MOC and the FOCUS Journal for Psychiatry: Yesterday and Today

So have you heard the latest about the American Psychiatric Association (APA) and the American Board of Psychiatry and Neurology (ABPN) and their collaboration (or collusion depending on your perspective) regarding the newest wrinkle in the collection of CME activity transcripts for Maintenance of Certification (MOC)?

This is a complicated story so bear with me. I subscribe to one of the ABPN approved MOC products, called the FOCUS Journal of Lifelong Learning in Psychiatry. This week I discovered I couldn’t access any of the self-assessment quizzes on line, which is how I usually obtain my CME, Self-Assessment, and Performance in Practice (PIP) credit.

Admittedly, I had received a couple of messages last month about a change that was going to occur in the program–when I was so busy on the general hospital psychiatry consultation service that I didn’t even have time to read them thoroughly. I would quickly scan them and get the idea that they were mostly advertisements from APA. They both said the same thing:

Dear American Psychiatric Publishing CME Participant,

We are pleased to announce that we are upgrading and redesigning the delivery of our online CME products – including our Study Guide CME (previously called Self-Assessment CME), The American Journal of Psychiatry CME, and FOCUS: The Journal of Lifelong Learning CME.

We are creating a focused, simplified, and enriched experience that will include all educational opportunities from the American Psychiatric Association. Our move to a unified online education portal allows for exciting new features, an improved user experience, and incredible new offerings in the years to come.

Please complete any CME activity that you have in progress and claim credits by Monday, October 27, 2014. All of your CME history will be available on the new website but any CME activity that you have finished in the month in October 2014 will not be available in the new system until mid November 2014.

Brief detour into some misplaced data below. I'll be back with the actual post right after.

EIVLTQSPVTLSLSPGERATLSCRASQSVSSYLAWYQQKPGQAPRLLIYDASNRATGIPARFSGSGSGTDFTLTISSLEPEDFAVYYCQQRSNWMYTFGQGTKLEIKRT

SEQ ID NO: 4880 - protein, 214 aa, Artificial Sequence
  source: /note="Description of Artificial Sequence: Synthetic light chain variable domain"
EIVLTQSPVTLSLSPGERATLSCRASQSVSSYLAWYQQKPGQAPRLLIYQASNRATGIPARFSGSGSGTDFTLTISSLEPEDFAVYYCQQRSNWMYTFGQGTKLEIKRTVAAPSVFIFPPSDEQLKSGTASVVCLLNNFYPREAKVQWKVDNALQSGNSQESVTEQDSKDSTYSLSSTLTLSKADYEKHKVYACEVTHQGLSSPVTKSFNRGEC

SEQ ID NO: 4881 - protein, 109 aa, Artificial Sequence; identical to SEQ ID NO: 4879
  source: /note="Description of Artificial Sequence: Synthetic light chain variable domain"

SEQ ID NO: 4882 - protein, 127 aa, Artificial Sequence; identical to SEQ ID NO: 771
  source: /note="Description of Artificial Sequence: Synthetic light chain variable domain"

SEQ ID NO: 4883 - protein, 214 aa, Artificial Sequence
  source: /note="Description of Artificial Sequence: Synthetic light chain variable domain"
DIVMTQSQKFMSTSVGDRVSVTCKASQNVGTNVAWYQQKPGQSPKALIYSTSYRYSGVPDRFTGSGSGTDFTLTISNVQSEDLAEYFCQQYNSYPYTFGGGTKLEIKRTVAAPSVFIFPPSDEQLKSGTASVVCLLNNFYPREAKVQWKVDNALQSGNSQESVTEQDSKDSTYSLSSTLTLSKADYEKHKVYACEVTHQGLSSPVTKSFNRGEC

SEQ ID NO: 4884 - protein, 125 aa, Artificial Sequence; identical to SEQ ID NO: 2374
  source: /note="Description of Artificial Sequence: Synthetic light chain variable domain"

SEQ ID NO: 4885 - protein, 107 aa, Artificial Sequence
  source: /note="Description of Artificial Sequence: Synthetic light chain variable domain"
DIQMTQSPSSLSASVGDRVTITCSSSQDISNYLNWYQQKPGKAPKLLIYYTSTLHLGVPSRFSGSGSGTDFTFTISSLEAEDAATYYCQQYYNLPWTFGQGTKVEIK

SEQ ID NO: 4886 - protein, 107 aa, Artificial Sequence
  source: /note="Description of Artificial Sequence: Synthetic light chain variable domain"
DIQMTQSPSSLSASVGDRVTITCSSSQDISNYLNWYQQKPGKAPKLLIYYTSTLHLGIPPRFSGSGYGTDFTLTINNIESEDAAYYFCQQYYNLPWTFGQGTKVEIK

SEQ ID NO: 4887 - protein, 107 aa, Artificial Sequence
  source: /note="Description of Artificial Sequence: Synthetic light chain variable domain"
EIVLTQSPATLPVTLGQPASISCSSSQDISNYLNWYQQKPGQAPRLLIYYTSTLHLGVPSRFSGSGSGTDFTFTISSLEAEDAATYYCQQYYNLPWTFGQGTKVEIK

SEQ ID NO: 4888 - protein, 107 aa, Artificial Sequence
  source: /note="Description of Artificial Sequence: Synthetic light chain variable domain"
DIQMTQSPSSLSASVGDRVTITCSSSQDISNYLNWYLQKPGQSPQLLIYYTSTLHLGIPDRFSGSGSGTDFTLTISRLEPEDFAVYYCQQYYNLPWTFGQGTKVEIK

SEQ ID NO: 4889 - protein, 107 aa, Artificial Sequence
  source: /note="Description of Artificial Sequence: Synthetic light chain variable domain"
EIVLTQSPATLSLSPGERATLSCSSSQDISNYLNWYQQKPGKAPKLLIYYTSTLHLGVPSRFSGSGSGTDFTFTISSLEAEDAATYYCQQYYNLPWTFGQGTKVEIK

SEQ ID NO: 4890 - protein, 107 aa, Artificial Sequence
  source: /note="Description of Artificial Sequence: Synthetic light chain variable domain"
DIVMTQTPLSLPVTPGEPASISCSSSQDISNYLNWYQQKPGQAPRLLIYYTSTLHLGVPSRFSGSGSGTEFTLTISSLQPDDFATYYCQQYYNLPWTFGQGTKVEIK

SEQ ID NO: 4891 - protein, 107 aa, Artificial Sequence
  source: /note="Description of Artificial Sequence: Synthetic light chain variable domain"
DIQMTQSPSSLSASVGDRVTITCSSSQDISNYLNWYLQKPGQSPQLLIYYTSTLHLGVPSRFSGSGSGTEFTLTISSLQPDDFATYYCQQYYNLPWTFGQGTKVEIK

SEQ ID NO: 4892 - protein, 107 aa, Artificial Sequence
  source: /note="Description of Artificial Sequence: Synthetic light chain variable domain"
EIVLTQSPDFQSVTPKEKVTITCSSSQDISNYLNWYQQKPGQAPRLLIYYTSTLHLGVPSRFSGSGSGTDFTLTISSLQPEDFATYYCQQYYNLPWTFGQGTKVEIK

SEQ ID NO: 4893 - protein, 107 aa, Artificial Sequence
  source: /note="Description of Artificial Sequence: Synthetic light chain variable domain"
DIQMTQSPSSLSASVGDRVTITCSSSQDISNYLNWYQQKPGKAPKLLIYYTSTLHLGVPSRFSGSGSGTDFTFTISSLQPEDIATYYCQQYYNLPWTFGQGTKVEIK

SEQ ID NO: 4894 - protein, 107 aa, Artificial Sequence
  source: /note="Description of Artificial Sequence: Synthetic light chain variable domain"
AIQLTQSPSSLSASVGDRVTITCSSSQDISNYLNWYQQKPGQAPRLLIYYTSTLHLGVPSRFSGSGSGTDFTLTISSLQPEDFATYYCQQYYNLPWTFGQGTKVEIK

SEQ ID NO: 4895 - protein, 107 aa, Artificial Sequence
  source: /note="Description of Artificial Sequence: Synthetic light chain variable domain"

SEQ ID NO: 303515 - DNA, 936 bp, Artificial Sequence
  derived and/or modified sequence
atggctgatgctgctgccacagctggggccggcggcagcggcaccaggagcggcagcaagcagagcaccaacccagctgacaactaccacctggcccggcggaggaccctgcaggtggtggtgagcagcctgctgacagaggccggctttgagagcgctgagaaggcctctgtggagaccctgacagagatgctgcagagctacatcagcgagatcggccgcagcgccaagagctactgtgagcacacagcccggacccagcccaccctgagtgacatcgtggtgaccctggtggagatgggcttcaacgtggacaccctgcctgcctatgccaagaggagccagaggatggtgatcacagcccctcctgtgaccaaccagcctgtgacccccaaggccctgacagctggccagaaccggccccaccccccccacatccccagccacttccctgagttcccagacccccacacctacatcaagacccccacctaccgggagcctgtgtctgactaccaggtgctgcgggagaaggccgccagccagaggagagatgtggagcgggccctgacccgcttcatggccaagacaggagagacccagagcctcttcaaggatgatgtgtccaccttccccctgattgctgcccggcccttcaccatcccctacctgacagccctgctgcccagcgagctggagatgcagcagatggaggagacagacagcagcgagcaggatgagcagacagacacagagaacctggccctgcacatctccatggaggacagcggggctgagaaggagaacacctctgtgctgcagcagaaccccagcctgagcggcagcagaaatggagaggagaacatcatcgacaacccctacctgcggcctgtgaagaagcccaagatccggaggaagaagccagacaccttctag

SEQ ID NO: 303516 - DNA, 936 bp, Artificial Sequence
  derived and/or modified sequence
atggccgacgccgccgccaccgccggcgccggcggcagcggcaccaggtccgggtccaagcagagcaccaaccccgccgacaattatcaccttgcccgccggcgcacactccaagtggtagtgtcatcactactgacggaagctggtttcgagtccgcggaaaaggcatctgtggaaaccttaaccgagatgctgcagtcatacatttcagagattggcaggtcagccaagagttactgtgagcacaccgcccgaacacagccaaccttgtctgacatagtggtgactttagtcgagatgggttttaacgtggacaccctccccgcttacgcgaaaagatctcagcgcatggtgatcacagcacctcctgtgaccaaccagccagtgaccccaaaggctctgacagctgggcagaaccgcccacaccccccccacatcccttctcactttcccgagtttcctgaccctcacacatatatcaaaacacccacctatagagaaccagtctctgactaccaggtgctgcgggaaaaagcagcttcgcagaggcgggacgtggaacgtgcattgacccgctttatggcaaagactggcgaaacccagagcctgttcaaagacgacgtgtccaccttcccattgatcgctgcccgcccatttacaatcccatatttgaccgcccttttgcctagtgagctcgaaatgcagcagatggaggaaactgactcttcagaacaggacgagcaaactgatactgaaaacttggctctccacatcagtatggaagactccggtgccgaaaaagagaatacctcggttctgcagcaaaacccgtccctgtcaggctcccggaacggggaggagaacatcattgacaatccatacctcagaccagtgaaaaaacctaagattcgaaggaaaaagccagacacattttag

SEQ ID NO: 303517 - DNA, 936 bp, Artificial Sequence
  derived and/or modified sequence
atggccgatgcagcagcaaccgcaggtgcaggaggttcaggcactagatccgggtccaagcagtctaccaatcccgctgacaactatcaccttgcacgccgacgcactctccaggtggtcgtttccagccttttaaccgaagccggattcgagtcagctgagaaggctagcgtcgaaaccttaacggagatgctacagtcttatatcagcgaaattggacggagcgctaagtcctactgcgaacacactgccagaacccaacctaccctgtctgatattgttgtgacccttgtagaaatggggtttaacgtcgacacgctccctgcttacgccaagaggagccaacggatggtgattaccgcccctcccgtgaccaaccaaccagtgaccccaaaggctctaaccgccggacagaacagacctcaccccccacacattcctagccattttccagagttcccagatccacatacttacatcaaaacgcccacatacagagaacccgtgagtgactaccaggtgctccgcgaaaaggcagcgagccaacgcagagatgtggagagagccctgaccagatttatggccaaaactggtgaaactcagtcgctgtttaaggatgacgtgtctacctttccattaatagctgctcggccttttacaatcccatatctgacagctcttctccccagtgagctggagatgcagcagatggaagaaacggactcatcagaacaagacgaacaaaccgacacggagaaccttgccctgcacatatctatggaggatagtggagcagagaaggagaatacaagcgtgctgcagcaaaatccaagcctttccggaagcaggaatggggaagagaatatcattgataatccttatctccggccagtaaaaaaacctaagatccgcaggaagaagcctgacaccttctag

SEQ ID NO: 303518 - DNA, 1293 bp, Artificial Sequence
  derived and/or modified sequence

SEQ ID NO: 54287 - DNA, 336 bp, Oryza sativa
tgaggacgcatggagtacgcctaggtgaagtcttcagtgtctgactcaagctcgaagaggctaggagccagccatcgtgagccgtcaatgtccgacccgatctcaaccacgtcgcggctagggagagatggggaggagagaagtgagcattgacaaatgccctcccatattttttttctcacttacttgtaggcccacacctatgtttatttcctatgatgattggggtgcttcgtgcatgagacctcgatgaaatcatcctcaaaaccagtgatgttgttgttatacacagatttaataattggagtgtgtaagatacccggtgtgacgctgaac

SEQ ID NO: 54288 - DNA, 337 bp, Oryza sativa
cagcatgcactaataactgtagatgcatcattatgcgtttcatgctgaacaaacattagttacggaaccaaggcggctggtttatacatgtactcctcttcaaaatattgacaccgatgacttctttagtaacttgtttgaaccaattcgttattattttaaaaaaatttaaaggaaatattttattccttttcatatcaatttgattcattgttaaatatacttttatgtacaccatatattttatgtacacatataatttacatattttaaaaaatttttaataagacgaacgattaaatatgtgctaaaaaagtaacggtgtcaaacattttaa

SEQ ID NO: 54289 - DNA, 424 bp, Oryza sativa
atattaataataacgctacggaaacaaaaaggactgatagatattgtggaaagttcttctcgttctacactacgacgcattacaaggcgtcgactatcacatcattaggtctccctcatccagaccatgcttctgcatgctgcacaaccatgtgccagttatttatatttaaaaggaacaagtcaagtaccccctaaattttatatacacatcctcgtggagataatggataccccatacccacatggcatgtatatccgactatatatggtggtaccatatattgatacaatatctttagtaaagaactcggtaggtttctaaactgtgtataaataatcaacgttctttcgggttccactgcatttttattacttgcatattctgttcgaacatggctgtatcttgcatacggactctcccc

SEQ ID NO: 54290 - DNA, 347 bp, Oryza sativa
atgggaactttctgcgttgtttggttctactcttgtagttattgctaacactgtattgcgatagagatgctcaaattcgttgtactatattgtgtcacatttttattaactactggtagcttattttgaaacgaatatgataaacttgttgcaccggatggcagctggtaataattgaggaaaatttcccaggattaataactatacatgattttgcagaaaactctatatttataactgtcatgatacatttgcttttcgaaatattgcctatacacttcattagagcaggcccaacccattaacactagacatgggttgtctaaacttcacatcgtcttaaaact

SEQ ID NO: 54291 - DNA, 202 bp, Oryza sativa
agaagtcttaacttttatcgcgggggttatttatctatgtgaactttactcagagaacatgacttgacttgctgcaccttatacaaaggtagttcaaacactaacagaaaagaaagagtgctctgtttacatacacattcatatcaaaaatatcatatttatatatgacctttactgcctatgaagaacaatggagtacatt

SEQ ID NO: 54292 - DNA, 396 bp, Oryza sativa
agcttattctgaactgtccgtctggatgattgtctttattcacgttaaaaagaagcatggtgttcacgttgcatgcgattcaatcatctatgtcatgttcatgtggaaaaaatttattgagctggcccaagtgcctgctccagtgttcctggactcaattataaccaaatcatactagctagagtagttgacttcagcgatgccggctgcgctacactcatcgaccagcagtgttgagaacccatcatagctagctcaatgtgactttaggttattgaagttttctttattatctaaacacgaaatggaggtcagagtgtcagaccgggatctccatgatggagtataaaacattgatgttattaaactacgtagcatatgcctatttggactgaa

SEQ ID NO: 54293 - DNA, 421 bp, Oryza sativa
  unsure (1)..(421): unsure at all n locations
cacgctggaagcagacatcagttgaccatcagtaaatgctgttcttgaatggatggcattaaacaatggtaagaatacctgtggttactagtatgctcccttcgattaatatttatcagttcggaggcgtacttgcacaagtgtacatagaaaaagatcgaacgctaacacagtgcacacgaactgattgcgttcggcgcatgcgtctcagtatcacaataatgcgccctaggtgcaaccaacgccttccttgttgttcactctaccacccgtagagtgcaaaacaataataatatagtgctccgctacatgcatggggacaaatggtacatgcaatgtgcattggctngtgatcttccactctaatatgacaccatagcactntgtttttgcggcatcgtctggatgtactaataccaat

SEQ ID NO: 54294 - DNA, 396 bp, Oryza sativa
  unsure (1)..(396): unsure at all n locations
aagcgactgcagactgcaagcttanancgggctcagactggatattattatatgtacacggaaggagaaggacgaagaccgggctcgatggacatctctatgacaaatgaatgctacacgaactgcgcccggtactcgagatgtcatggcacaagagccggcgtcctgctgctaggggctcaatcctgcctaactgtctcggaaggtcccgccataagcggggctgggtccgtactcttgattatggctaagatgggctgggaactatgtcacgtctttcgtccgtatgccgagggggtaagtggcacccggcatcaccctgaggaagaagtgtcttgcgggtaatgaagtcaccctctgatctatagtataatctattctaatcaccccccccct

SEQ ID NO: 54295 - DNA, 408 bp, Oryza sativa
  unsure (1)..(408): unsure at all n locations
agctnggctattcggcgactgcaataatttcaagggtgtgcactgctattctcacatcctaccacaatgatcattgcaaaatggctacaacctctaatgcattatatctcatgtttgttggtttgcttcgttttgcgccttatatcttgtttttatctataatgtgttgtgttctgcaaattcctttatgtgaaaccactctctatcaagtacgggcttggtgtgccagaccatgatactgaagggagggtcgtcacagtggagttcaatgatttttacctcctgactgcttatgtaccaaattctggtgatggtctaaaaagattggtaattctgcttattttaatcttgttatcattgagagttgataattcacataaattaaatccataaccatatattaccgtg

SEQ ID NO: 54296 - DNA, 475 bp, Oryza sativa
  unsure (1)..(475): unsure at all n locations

Many of the CME activities associated with your 2012 subscription to FOCUS will be expiring soon.

Fall 2012: Depression and Dysthymia—Expires December 31, 2014

Summer 2012: Child and Adolescent Psychiatry: Life Cycle and Family—Expires December 31, 2014

Spring 2012: Schizophrenia—Expires December 31, 2014

Winter 2012: Women’s Mental Health—Expires January 01, 2015

Self-Assessment Exam—Expires October 31, 2015

Thank you for your patience while we move to our new home!

If you have any questions, please contact our Customer Service department at 1-800-368-5777 or 703-907-7322.

So it turns out there’s a lot more to this message than meets the eye. And for the psychiatrists who use the FOCUS journal, the key part of the message is the customer service phone number, 1-800-368-5777 or 703-907-7322

If I hadn’t called customer service, I would not have learned how to regain access to the online FOCUS journal. The customer service representative I talked to was also very helpful answering my question about the potential for redundancy in this system of recording CME activities in both FOCUS and ABPN systems pursuant to keeping up with MOC record-keeping requirements.

According to customer service, there’s going to be direct electronic uploading of CME activities transcripts from APA FOCUS to ABPN Physician Folios. But hang on; the only way I could verify this was to get representatives from both ABPN and APA in the room together (so to speak) by sending email messages to the support representatives from both organizations. Remember, only the APA customer service representative clued me in on this, not anyone in the APA education committee nor anyone at ABPN. I told the customer service representative that they must be getting a lot of calls.

Boy, was that an understatement. The ABPN representative didn’t even mention it at first and I got the impression she was not even aware of it.

The initial message from APA was as follows (POL stands for PsychiatryOnline, where FOCUS used to live):

“Focus credits have been moved from Psychiatry Online to the APA Learning Management System at  While these credits will be transferred to ABPN on behalf of APA members, it doesn’t happen instantaneously—we send a report to ABPN once a month, so you won’t see the credits appear on your ABPN Folio right away.  Additionally, because of the content migration from POL to, any activities completed on POL in September or October of 2014 are still being reported to ABPN.  If you’re an APA member and your ABPN Folio is not up to date by December 1, please let me know and we’ll investigate.  In the meantime, I apologize for the inconvenience—it is temporary and should ultimately lead to a more straightforward system.”